Dozens of wrinkled Egyptian men sip tea, draw smoke from water pipes and boisterously chat in Arabic. They lounge at a bustling alleyway cafe, sandwiched between the labyrinths of crumbling apartment buildings in the heart of Cairo, adjacent to Tahrir Square.
Just footsteps away, the maniacal spectacle of Cairo traffic is at work. Rusty cars whir by, lurching left and right, an orchestra of horns trumpeting their arrival and departure from one traffic light to the next. There’s no time for signalling. Exhaust fumes hang thick in the air. Around each corner, there is singing, squawking, screaming.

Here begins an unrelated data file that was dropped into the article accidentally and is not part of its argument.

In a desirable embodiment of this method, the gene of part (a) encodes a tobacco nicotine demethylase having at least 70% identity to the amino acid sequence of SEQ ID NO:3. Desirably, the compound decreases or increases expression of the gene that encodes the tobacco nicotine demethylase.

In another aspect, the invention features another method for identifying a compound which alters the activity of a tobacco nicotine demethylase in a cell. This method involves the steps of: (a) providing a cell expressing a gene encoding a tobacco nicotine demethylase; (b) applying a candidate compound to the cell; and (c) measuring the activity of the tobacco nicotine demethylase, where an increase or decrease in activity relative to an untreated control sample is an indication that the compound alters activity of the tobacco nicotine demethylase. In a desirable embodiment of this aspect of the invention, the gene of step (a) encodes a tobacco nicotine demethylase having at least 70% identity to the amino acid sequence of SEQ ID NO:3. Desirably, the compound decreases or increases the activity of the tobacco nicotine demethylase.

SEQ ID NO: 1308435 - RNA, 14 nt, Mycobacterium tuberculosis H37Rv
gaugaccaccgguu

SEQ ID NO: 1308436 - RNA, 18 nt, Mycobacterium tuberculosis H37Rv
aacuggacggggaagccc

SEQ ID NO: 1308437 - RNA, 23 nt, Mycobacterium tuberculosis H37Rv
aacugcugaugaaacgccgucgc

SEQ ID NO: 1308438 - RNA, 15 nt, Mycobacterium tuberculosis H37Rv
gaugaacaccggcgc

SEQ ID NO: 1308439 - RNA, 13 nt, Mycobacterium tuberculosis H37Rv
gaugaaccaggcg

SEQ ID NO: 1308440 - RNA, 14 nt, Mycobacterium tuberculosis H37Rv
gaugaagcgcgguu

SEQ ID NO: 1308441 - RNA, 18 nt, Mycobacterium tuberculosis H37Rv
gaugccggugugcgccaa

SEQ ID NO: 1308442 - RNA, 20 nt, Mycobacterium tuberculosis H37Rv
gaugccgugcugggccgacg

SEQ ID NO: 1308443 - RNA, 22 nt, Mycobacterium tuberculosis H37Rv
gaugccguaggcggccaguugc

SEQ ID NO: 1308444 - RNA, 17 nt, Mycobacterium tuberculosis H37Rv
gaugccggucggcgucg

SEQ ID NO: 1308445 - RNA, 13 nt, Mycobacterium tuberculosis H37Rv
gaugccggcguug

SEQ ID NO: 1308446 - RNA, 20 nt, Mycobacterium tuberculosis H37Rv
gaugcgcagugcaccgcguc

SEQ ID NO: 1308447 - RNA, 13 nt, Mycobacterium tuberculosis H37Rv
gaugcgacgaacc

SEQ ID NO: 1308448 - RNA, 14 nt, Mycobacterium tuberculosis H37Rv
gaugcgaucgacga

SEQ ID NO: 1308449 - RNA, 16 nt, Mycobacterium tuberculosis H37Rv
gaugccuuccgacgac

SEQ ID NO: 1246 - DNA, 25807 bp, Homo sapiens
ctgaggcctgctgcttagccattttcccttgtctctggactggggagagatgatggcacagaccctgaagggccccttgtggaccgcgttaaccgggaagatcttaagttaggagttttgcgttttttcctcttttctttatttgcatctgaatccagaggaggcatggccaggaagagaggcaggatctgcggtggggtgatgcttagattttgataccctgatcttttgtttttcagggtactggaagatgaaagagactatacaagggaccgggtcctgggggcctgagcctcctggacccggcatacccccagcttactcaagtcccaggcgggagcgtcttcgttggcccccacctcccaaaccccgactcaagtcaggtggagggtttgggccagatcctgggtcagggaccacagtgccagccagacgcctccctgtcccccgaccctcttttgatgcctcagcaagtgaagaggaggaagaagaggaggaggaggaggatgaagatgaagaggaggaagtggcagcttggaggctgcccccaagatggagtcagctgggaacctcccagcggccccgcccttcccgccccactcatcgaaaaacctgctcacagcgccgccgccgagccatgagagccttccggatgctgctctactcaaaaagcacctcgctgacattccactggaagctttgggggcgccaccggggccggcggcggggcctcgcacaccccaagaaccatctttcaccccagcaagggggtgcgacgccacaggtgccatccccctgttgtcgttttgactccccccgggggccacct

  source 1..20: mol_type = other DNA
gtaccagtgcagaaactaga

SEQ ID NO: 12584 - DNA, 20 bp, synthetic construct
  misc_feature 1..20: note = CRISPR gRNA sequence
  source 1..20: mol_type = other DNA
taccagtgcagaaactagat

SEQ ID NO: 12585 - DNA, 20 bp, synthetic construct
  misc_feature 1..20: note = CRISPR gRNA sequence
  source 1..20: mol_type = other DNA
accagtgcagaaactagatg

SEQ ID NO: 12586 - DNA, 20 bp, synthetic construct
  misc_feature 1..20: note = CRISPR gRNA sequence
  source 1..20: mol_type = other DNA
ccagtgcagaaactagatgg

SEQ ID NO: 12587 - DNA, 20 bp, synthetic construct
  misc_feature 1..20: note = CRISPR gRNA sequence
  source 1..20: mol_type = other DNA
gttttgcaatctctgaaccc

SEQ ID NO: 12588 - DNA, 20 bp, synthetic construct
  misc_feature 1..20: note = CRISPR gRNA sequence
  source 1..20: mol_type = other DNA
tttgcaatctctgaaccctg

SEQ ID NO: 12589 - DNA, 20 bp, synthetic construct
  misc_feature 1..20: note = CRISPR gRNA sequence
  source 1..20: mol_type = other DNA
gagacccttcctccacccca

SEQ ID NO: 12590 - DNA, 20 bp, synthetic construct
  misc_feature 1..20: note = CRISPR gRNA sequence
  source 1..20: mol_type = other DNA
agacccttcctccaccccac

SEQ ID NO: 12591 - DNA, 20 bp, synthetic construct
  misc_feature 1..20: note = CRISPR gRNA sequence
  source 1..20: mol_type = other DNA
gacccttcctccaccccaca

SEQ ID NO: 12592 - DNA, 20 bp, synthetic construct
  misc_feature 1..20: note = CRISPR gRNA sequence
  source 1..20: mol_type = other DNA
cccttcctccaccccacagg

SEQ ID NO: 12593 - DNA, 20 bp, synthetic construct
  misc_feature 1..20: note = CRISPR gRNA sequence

This is both the doorstep to the Middle East, the corridor to North Africa, the launchpad of revolutions that reverberated worldwide, and the home of more than nine million Egyptians. But despite the beautiful chaos, Egypt is actually drought-stricken when it comes to visitors.
That reality is more visible, just a few blocks away, towards the banks of the River Nile. The marble-encrusted lobbies of Cairo’s many luxury hotels overlooking the Nile, once bustling with globetrotting tourists from every corner of the earth, are now silent.